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China wants border issues phased out
M K Razdan & Anil K Joseph in Beijing |
June 23, 2003 15:17 IST
Prime Minister Atal Bihari Vajpayee and his Chinese counterpart Wen Jiabao met in Beijing's Great Hall of People on Monday and discussed various bilateral and international issues.
Attired in a grey bandgala suit, Vajpayee, on the second day of his six-day official visit to China, drove from his hotel to the Great Hall of People, adjacent to the Tiananmen Square, where Wen welcomed him with a warm handshake and a Chinese girl presented a bouquet to him. The prime minister was then accorded a ceremonial guard of honour.
At the outset the 78-year-old Vajpayee, the first Indian prime minister to visit the Middle Kingdom in ten years, told Wen, 18 years his junior, that their discussions should be held with 'openness and frankness as between friends'.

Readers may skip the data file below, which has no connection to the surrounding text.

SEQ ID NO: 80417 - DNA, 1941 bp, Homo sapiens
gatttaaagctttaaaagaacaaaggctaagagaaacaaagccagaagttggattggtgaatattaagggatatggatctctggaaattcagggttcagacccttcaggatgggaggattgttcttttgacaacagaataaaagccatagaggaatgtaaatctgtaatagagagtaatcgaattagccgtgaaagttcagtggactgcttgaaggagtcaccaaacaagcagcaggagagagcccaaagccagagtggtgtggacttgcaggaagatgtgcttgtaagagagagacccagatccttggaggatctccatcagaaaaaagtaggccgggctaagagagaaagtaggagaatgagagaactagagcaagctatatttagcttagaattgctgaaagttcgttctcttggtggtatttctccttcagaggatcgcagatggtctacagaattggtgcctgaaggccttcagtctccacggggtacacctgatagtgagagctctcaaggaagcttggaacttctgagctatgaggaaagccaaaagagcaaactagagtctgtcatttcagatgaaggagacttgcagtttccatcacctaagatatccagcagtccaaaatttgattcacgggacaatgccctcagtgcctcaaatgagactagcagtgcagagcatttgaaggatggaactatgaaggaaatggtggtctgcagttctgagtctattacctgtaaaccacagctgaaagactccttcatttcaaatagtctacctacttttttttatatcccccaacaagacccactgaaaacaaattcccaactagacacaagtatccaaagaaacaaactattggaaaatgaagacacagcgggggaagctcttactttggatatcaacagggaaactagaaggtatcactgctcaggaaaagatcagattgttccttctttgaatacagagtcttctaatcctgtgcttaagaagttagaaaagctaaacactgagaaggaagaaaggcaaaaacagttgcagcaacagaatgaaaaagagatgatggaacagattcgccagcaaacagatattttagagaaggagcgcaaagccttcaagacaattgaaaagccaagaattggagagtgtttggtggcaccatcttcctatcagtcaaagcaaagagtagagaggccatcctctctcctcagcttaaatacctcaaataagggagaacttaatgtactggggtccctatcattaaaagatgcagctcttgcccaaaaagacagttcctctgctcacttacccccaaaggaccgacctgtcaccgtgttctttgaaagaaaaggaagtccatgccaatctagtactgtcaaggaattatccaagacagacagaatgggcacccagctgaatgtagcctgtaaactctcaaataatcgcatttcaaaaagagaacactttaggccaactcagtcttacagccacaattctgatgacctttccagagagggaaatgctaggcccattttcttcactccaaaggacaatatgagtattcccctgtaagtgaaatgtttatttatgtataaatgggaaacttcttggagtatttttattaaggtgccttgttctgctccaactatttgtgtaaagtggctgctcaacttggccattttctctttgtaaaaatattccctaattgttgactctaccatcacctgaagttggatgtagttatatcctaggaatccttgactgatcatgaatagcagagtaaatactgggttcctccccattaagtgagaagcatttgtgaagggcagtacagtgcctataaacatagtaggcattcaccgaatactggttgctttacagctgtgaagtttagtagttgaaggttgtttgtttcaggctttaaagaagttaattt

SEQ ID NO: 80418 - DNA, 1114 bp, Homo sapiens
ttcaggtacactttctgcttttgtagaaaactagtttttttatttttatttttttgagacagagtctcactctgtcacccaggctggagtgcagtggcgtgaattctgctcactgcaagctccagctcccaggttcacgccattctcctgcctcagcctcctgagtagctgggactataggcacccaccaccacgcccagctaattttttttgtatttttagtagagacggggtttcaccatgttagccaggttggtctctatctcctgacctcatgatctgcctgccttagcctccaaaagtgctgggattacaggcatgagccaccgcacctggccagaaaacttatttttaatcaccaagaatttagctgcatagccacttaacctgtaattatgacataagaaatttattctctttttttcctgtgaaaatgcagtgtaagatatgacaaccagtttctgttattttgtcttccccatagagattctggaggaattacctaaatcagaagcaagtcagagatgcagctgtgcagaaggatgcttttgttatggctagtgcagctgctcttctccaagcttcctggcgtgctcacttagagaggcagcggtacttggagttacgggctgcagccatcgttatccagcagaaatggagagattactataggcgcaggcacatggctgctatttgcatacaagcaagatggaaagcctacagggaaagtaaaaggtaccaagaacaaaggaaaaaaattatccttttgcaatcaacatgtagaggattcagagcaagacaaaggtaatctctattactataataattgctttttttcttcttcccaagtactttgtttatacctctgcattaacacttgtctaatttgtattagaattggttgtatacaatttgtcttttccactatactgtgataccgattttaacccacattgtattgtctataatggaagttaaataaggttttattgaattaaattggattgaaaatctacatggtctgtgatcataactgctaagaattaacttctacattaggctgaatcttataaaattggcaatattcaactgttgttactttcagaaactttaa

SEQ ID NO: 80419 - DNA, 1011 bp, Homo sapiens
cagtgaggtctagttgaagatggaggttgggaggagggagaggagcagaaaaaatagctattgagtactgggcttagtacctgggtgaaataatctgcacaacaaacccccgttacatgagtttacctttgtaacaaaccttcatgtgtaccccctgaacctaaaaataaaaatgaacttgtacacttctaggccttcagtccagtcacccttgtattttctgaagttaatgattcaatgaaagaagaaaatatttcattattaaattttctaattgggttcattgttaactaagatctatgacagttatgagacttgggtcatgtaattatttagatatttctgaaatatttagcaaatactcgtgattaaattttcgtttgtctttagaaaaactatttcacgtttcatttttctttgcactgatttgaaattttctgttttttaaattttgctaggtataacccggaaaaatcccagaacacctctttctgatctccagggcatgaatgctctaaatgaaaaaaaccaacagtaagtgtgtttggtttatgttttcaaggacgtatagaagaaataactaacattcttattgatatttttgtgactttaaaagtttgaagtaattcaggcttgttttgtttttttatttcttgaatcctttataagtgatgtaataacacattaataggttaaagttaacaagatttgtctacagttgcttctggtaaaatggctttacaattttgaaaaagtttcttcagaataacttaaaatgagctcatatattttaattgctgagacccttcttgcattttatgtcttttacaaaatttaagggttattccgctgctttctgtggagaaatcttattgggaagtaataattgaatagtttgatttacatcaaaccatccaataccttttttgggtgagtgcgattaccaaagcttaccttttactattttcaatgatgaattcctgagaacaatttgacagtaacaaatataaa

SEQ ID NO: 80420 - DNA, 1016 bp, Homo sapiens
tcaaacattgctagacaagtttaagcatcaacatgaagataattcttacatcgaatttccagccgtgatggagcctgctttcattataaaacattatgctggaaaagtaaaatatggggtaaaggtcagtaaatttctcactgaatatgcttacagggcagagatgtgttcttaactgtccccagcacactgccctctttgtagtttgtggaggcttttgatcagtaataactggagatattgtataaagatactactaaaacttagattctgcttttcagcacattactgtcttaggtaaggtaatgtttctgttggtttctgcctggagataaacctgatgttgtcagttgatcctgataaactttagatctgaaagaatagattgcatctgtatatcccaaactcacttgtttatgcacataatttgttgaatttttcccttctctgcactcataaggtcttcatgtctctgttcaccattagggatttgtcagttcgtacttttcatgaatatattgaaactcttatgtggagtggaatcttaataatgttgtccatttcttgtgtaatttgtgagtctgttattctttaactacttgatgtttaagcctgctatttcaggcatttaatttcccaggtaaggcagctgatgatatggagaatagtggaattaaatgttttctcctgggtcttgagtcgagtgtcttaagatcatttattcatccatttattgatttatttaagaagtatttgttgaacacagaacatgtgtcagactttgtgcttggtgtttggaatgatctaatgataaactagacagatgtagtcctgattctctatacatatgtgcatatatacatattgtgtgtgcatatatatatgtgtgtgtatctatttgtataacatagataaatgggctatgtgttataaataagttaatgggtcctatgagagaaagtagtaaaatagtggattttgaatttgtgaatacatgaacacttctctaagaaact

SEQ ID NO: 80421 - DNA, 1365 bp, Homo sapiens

The two leaders then began a 'restricted' meeting with limited number of aides. External Affairs Minister Yashwant Sinha, National Security Advisor Brajesh Mishra and the Indian Ambassador to China, Shiv Shankar Menon, assisted Vajpayee.
Both sides were of the view that their border dispute should not hold up progress in other areas.
Wen, who assumed office only three months ago, suggested that the differences on the border should be phased out and the two countries should have consultations on an 'equal footing in a friendly atmosphere'.
Sinha said the question of Chinese recognition of Sikkim as an integral part of India came up during the discussions.
That meeting lasted 45 minutes. Officials of the two countries then began discussions to see if the differences on the border issue could be narrowed down during Vajpayee's stay in Beijing.
No further details of what the officials were attempting were given.
The two sides signed as many as nine agreements, including those on easing of visa restrictions and judicial cooperation.
India-Pakistan ties came up when the Chinese premier commended Vajpayee for his offer of friendship to Islamabad and told him that China was interested in a peaceful South Asia.
Vajpayee mentioned that cross-border terrorism from Pakistan had to come to an end.